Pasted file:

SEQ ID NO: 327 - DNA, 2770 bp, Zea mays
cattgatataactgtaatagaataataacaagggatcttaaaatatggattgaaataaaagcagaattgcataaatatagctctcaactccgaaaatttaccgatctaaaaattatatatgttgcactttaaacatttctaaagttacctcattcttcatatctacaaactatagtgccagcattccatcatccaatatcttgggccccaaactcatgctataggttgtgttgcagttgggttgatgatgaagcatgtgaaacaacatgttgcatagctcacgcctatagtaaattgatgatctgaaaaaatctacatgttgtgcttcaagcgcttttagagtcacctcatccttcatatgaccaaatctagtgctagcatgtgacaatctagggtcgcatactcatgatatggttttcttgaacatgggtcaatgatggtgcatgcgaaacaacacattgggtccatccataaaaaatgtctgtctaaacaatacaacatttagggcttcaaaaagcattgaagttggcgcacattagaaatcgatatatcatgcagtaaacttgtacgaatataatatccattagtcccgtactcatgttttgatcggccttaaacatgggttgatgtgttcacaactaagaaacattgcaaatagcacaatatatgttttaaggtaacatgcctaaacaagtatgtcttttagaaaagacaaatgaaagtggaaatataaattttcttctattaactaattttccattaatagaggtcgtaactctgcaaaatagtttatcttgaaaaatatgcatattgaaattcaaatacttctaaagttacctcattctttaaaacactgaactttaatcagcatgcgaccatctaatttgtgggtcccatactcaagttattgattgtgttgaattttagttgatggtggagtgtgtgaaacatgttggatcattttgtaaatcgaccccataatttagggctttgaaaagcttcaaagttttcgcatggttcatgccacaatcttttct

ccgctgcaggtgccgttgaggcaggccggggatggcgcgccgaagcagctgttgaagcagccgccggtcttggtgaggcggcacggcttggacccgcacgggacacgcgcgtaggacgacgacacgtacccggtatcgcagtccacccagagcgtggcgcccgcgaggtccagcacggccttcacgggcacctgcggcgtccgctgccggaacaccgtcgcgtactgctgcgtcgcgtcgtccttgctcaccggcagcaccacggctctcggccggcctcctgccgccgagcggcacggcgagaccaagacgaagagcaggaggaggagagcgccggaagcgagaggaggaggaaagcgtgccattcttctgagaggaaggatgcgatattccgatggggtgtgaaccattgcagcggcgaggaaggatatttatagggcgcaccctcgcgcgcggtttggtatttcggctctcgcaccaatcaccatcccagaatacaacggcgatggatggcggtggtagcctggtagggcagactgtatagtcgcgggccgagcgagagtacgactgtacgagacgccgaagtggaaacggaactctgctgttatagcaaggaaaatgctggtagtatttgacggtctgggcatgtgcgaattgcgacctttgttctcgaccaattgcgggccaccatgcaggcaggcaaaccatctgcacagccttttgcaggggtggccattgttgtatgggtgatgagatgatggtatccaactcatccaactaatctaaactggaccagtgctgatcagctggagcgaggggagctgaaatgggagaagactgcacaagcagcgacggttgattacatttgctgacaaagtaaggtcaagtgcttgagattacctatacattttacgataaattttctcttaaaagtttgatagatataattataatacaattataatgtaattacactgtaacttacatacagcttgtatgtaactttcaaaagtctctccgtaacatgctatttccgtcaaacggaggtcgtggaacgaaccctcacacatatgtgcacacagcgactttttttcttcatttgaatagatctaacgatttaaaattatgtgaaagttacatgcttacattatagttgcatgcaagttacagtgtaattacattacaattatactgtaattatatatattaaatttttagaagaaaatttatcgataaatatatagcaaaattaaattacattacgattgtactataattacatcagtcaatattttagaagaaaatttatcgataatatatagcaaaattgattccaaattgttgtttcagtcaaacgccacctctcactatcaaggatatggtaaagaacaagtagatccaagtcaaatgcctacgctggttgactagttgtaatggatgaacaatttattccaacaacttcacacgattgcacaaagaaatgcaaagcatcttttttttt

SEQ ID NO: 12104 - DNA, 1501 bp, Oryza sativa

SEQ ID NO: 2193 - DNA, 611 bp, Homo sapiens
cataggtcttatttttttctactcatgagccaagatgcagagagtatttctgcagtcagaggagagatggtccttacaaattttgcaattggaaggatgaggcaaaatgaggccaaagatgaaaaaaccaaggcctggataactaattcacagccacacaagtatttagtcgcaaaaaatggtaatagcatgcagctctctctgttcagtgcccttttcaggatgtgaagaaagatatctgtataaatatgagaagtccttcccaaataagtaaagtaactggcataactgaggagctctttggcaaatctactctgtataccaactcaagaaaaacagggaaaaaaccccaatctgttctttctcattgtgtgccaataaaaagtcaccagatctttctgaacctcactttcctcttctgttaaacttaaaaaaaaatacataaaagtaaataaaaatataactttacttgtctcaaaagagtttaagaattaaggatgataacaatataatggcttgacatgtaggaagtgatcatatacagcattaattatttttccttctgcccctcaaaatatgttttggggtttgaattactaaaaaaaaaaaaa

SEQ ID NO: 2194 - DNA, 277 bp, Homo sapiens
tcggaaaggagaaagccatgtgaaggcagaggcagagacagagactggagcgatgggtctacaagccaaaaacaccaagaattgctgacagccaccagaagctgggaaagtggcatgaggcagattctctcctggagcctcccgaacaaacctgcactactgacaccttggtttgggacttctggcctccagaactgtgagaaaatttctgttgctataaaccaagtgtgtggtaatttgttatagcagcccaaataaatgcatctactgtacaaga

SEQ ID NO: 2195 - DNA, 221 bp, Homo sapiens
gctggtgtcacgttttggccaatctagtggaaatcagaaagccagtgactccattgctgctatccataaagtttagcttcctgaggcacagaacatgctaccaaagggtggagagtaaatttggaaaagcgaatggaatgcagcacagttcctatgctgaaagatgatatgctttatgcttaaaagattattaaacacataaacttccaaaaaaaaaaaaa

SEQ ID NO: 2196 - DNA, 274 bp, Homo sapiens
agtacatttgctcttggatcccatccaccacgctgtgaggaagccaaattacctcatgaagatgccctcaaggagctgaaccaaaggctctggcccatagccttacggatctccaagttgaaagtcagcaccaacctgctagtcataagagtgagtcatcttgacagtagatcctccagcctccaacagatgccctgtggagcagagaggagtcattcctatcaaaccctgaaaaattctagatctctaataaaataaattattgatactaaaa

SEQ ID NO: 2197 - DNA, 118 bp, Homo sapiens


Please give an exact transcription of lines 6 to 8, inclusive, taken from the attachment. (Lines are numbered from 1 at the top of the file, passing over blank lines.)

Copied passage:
cataggtcttatttttttctactcatgagccaagatgcagagagtatttctgcagtcagaggagagatggtccttacaaattttgcaattggaaggatgaggcaaaatgaggccaaagatgaaaaaaccaaggcctggataactaattcacagccacacaagtatttagtcgcaaaaaatggtaatagcatgcagctctctctgttcagtgcccttttcaggatgtgaagaaagatatctgtataaatatgagaagtccttcccaaataagtaaagtaactggcataactgaggagctctttggcaaatctactctgtataccaactcaagaaaaacagggaaaaaaccccaatctgttctttctcattgtgtgccaataaaaagtcaccagatctttctgaacctcactttcctcttctgttaaacttaaaaaaaaatacataaaagtaaataaaaatataactttacttgtctcaaaagagtttaagaattaaggatgataacaatataatggcttgacatgtaggaagtgatcatatacagcattaattatttttccttctgcccctcaaaatatgttttggggtttgaattactaaaaaaaaaaaaa

SEQ ID NO: 2194 - DNA, 277 bp, Homo sapiens
tcggaaaggagaaagccatgtgaaggcagaggcagagacagagactggagcgatgggtctacaagccaaaaacaccaagaattgctgacagccaccagaagctgggaaagtggcatgaggcagattctctcctggagcctcccgaacaaacctgcactactgacaccttggtttgggacttctggcctccagaactgtgagaaaatttctgttgctataaaccaagtgtgtggtaatttgttatagcagcccaaataaatgcatctactgtacaaga